Jama Masjid incident: Mumbai Police spoils Delhi Police's party
Turf war between the elite Crime Branch and Anti Terrorist Squad of Mumbai Police is believed to have spoiled Delhi Police's investigations into the suspected terror attack outside the historic Jama Masjid in the national capital.mumbai Updated: Sep 26, 2010 17:18 IST
Turf war between the elite Crime Branch and Anti Terrorist Squad of Mumbai Police is believed to have spoiled Delhi Police's investigations into the suspected terror attack outside the historic Jama Masjid in the national capital.
A three-member team of Delhi Police had visited Mumbai after the incident on Sunday last with some specific leads
provided by the central security agencies about the email and the technique used by banned Indian Mujahideen only to find
that everything had been leaked to media, sources privy to the probe said.
They also found interesting developments that the operator -- Tata Doccomo -- had been approached by the two elite forces of the Mumbai Police separately and details of the phone number were taken and were leaked to media.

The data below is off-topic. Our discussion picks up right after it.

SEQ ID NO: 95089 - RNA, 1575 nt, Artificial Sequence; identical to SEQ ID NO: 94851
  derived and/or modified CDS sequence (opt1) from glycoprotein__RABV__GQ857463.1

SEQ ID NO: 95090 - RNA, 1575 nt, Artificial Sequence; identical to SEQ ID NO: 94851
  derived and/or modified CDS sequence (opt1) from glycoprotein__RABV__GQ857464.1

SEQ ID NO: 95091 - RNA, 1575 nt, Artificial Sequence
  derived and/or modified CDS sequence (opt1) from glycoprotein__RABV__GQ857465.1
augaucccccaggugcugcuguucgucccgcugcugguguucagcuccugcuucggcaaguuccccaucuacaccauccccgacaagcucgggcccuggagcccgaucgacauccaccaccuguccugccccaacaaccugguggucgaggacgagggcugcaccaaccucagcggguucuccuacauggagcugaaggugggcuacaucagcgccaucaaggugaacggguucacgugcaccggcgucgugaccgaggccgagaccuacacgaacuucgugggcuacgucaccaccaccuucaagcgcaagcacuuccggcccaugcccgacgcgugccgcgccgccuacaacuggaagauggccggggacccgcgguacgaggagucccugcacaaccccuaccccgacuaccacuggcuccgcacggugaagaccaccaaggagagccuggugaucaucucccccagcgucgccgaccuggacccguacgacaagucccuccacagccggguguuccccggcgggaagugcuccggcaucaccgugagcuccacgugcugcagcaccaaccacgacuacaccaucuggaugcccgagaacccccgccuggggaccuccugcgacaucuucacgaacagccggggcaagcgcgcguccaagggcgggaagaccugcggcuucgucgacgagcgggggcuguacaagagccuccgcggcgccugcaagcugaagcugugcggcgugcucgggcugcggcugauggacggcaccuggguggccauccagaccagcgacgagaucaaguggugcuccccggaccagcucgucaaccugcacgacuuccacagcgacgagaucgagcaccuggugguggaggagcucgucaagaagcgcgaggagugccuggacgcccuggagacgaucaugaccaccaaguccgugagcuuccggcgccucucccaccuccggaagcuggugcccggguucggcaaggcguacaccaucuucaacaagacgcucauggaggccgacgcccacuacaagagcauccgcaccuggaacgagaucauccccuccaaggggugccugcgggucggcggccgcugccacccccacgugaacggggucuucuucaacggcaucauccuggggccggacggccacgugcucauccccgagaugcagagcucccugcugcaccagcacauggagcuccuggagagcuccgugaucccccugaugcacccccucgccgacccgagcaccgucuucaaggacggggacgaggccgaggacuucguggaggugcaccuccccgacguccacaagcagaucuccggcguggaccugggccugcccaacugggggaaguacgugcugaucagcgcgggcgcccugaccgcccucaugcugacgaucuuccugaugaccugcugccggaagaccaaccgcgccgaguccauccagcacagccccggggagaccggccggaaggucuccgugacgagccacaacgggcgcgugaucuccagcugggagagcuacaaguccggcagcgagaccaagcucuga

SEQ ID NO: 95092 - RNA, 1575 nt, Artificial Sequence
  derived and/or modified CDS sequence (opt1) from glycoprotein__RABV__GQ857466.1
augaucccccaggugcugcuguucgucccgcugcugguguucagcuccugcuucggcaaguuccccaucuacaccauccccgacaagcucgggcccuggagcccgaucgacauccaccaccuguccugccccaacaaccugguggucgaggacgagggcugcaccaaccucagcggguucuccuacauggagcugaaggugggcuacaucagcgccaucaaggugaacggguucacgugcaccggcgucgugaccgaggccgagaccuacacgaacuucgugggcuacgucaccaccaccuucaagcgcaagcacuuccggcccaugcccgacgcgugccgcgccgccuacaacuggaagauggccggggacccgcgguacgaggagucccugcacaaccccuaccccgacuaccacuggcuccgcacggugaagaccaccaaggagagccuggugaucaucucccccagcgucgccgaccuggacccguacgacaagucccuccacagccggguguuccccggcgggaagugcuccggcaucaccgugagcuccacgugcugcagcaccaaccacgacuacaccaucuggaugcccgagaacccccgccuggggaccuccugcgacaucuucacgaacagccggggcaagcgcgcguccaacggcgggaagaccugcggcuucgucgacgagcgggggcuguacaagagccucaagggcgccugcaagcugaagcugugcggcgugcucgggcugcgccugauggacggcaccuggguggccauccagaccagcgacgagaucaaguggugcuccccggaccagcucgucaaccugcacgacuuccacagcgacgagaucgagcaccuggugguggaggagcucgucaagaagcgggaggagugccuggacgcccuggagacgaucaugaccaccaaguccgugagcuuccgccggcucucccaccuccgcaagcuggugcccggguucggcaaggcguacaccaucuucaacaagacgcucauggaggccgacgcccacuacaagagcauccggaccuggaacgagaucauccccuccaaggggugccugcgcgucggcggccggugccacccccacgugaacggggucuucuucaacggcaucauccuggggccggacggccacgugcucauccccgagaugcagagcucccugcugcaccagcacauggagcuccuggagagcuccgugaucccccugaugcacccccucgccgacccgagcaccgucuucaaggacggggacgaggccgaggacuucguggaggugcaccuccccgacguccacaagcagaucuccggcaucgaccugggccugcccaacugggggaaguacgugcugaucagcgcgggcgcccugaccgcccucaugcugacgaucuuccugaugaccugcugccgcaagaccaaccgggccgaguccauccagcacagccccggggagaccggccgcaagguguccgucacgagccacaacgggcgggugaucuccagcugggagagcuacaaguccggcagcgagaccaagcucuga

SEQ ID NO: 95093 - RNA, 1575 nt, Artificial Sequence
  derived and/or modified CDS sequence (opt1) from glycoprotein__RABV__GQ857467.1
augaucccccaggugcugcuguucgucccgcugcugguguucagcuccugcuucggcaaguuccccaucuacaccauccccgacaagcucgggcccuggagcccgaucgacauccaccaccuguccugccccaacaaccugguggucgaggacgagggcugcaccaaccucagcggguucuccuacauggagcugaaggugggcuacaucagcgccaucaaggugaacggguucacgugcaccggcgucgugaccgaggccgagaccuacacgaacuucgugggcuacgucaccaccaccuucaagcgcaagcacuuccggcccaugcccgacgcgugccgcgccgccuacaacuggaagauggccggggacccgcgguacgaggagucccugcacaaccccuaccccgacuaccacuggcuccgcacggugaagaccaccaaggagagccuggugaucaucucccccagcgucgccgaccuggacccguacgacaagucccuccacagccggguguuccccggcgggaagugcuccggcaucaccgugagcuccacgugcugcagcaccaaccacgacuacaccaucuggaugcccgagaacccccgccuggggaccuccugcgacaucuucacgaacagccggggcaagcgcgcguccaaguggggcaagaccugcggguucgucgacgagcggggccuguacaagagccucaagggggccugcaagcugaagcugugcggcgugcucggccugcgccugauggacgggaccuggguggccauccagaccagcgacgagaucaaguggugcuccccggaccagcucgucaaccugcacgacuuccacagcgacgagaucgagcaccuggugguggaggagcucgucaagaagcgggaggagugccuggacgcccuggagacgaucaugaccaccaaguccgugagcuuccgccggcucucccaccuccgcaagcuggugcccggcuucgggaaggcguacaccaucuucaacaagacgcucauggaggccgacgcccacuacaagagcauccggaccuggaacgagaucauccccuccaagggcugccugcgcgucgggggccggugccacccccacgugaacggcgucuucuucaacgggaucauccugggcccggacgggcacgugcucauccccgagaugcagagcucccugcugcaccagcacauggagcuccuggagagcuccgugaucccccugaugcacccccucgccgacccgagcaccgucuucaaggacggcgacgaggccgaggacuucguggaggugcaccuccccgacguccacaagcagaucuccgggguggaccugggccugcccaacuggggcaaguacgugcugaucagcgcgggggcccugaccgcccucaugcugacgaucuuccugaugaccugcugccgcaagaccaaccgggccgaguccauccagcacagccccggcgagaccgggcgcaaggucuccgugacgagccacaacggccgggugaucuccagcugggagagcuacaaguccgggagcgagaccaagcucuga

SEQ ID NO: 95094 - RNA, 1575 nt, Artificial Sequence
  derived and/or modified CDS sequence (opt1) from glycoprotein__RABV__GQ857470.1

The matter was shared with the Union Home Ministry, which asked the two wings of Maharashtra to maintain utmost secrecy in the matter.
The Delhi Police team which had gone to investigate into the leads of the case returned empty handed because of lack of coordination, the sources said. However, officially there was no word either from the Delhi Police or Mumbai Police on this.
Two unidentified motorcycle-borne attackers had on Sunday last shot and injured two Taiwanese nationals outside the Jama Masjid here which was followed by a crude pressure cooker bomb blast in a car in the same area.
The Indian Mujahideen claimed responsibility for the attack in an e-mail sent to news organisations and threatened terror strikes during the Games.
In a related development, Department of Telecom has again come under attack for its failure to maintain discipline among the operators to verify the SIM cards.
In this case, the youth identifying himself as Purva Shinde procured an activated SIM card on absolutely fake documents and got the General Packet Radio Service (GPRS) activated. Using this technology, the accused IM cadre surfed into a server based in Norway.
The email was already saved in draft folder of "email@example.com" and was accessed using the GPRS phone at 13:37 hours on September 19 and sent to various media houses.
The authorities have now asked for stringent action against the offenders for issuing an activated SIM card.